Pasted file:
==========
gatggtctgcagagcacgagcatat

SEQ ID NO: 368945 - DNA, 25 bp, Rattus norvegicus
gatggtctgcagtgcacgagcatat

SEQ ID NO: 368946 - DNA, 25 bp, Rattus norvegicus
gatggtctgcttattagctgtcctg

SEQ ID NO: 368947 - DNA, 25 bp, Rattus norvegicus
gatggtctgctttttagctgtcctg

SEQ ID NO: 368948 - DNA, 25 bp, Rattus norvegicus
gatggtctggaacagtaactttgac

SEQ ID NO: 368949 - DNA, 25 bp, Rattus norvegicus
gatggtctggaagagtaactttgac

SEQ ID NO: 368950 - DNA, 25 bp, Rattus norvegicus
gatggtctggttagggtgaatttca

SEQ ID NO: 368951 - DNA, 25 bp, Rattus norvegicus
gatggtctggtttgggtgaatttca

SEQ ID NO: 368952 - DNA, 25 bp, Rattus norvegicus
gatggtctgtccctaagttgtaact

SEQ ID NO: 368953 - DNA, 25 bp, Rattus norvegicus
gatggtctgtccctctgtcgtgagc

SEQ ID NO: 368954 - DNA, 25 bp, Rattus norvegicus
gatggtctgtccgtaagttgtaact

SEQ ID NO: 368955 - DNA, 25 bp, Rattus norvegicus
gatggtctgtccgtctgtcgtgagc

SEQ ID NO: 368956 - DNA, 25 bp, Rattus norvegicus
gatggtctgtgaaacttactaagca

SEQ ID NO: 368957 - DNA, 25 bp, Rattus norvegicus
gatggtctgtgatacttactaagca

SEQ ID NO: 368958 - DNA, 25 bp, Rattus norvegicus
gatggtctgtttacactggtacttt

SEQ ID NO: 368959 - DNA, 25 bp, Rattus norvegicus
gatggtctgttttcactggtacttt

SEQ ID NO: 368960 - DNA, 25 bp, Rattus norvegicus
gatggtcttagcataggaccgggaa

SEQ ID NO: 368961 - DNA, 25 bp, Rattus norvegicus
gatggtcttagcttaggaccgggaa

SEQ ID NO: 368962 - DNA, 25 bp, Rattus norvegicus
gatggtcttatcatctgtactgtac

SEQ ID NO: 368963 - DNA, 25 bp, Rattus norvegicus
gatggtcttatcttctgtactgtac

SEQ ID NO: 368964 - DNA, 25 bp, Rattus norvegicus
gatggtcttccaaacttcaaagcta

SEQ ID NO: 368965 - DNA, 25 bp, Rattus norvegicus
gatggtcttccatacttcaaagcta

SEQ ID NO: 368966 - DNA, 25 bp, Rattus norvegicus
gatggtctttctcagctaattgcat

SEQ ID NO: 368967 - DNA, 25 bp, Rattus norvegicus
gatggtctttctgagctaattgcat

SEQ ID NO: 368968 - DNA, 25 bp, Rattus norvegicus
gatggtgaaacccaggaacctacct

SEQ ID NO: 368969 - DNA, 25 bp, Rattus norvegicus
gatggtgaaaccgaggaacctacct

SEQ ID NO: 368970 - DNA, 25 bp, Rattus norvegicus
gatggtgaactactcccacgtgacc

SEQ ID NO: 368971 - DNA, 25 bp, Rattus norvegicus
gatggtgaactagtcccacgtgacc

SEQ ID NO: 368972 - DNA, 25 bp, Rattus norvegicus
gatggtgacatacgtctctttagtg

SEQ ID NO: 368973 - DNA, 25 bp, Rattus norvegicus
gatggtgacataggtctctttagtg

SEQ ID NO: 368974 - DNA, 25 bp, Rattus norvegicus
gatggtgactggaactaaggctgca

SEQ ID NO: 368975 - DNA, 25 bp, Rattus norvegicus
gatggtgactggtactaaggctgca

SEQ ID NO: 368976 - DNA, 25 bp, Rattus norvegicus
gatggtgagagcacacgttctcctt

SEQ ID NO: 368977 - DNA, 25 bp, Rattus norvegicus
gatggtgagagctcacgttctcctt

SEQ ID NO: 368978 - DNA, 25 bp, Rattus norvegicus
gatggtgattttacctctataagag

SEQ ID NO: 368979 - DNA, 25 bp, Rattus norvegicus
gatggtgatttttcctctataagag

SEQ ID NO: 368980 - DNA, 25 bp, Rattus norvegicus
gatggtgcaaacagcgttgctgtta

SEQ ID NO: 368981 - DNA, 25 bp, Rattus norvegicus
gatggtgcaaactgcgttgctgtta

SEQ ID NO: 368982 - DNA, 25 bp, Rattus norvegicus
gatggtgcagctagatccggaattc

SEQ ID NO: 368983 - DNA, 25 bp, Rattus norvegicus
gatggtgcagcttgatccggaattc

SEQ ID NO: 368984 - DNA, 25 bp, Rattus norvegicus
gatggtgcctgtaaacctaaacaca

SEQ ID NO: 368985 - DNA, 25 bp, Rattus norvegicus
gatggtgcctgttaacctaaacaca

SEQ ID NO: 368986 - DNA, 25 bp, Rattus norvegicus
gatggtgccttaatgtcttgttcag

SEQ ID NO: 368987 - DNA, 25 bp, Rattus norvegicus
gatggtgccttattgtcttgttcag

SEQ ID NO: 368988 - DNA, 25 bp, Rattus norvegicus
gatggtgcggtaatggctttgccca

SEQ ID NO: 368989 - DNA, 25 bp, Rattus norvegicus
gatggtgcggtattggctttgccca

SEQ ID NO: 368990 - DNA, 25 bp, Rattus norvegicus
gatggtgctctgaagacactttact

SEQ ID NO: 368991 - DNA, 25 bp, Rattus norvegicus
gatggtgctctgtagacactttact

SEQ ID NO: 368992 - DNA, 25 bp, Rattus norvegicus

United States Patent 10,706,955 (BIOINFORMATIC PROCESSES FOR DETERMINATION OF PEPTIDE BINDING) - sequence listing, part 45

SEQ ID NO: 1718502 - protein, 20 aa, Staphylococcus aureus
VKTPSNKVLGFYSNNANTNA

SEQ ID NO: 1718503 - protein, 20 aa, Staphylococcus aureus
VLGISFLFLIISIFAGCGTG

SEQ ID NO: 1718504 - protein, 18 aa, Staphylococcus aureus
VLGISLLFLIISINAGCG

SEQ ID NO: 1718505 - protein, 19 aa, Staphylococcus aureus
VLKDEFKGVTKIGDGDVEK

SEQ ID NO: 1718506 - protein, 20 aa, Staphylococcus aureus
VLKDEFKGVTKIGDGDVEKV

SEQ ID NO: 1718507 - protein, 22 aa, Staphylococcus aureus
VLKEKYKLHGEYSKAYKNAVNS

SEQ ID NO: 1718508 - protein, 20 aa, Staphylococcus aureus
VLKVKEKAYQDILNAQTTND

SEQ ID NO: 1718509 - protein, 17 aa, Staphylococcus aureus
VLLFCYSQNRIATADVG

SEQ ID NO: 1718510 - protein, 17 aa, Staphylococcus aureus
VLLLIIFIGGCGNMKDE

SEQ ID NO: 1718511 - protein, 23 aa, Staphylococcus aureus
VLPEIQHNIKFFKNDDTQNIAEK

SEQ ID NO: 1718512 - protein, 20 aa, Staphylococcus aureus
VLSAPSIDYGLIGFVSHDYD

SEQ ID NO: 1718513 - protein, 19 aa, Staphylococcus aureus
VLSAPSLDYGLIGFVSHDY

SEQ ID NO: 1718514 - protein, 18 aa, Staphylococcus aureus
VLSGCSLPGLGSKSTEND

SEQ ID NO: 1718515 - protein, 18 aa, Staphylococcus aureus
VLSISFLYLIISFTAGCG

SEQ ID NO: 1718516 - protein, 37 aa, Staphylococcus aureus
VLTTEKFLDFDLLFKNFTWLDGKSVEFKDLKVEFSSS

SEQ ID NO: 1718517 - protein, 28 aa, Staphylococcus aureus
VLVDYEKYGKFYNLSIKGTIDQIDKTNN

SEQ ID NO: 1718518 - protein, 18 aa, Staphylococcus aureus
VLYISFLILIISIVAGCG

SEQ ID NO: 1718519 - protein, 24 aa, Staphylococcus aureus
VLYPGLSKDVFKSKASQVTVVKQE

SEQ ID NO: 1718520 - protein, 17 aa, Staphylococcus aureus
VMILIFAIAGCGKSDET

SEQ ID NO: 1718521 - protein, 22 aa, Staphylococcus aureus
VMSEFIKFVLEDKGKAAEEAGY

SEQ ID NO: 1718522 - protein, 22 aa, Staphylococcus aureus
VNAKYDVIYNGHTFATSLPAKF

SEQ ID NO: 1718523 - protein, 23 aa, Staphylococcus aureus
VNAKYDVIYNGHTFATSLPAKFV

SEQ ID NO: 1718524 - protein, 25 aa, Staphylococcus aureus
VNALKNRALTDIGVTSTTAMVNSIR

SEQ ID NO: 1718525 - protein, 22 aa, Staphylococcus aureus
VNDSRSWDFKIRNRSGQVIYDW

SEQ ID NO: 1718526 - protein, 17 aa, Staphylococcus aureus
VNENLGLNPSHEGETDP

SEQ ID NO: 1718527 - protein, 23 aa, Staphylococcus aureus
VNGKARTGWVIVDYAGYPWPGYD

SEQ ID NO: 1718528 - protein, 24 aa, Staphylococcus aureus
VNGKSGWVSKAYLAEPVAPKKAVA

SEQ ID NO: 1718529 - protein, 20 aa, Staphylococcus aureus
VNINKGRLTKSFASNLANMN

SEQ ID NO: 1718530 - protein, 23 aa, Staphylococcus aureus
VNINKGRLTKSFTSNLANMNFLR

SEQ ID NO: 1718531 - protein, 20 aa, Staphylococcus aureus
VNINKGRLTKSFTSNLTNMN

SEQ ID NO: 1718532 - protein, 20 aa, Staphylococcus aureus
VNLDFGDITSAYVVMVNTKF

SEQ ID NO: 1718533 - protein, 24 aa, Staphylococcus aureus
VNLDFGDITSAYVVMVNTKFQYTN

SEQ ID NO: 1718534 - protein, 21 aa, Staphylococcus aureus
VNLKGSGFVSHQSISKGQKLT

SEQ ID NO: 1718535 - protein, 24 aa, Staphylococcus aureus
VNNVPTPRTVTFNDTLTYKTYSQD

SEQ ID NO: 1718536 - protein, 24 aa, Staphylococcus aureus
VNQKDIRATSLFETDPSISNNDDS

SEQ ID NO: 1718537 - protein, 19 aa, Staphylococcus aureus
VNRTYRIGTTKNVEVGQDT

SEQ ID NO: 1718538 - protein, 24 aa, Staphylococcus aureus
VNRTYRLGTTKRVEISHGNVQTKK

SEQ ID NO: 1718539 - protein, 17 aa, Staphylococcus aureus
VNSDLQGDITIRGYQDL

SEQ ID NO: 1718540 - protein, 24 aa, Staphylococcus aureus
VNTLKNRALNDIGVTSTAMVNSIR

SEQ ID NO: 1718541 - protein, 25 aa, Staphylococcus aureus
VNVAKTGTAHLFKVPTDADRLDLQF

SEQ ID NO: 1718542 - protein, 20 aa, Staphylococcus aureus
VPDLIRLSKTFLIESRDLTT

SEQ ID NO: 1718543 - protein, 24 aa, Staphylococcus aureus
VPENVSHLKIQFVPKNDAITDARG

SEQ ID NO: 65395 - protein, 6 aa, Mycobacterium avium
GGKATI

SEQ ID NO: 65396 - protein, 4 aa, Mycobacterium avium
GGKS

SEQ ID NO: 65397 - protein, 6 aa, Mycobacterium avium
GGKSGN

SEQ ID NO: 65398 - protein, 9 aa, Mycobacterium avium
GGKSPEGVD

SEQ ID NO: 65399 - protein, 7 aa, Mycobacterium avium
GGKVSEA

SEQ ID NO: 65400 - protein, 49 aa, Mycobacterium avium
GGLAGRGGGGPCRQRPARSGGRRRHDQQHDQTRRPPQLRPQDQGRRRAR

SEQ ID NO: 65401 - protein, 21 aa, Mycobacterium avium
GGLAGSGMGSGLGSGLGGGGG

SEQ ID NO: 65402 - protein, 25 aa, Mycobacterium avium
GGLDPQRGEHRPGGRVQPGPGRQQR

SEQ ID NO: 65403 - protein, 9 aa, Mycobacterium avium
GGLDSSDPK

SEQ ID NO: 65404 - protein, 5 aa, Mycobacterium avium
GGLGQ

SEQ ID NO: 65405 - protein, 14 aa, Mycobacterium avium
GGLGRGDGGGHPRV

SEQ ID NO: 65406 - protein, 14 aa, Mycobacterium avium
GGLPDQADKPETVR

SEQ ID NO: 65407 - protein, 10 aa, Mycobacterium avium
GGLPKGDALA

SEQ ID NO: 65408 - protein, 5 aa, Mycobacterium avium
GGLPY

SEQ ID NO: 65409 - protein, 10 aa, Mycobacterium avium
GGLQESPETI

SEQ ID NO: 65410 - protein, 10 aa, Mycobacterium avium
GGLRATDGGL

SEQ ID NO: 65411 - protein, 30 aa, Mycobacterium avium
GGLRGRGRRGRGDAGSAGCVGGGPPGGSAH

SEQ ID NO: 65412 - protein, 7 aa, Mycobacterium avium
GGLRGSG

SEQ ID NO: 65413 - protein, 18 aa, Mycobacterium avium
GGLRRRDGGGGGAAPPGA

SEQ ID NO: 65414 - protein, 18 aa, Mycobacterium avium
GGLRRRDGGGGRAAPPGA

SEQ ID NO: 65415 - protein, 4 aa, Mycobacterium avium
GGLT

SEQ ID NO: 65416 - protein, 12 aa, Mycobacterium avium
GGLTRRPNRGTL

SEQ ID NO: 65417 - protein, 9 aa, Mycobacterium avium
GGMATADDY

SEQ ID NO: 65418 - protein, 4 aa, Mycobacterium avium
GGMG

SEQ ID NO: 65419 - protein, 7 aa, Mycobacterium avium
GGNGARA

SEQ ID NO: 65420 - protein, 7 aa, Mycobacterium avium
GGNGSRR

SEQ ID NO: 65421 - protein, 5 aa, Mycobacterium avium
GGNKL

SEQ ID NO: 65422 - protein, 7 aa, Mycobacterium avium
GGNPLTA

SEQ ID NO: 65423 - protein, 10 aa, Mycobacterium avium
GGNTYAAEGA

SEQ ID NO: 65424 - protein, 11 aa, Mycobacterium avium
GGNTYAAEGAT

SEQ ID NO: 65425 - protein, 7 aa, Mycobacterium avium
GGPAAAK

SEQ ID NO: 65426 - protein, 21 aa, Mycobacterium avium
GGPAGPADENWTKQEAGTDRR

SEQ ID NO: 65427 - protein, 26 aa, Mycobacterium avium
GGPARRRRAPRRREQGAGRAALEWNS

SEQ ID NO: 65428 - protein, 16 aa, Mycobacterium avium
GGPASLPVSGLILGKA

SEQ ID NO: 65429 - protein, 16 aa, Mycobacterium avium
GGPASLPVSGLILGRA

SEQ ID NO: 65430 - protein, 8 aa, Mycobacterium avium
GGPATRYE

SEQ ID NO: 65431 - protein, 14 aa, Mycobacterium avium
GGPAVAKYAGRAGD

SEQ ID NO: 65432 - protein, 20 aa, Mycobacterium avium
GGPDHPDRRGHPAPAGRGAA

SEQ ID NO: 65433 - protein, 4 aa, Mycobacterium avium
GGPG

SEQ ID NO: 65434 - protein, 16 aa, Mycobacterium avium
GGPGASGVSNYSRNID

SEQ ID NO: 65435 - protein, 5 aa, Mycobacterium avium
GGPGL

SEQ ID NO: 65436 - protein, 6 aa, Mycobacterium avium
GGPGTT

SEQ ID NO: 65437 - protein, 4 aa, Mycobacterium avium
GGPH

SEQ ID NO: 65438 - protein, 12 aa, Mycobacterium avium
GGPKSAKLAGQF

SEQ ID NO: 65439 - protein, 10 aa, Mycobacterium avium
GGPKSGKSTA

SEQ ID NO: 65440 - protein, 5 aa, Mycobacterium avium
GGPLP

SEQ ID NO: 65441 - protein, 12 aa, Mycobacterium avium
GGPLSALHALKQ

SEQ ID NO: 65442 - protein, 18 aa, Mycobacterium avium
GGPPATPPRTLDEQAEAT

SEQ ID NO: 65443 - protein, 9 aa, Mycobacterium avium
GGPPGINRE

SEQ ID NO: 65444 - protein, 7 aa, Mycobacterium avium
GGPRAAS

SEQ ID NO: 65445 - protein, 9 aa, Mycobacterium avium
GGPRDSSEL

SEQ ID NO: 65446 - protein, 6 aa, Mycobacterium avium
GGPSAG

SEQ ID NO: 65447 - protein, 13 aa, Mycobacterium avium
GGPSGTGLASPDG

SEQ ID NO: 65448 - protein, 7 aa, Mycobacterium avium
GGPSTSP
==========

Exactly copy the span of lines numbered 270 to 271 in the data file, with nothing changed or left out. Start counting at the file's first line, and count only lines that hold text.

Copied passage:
SEQ ID NO: 65439 - protein, 10 aa, Mycobacterium avium
GGPKSGKSTA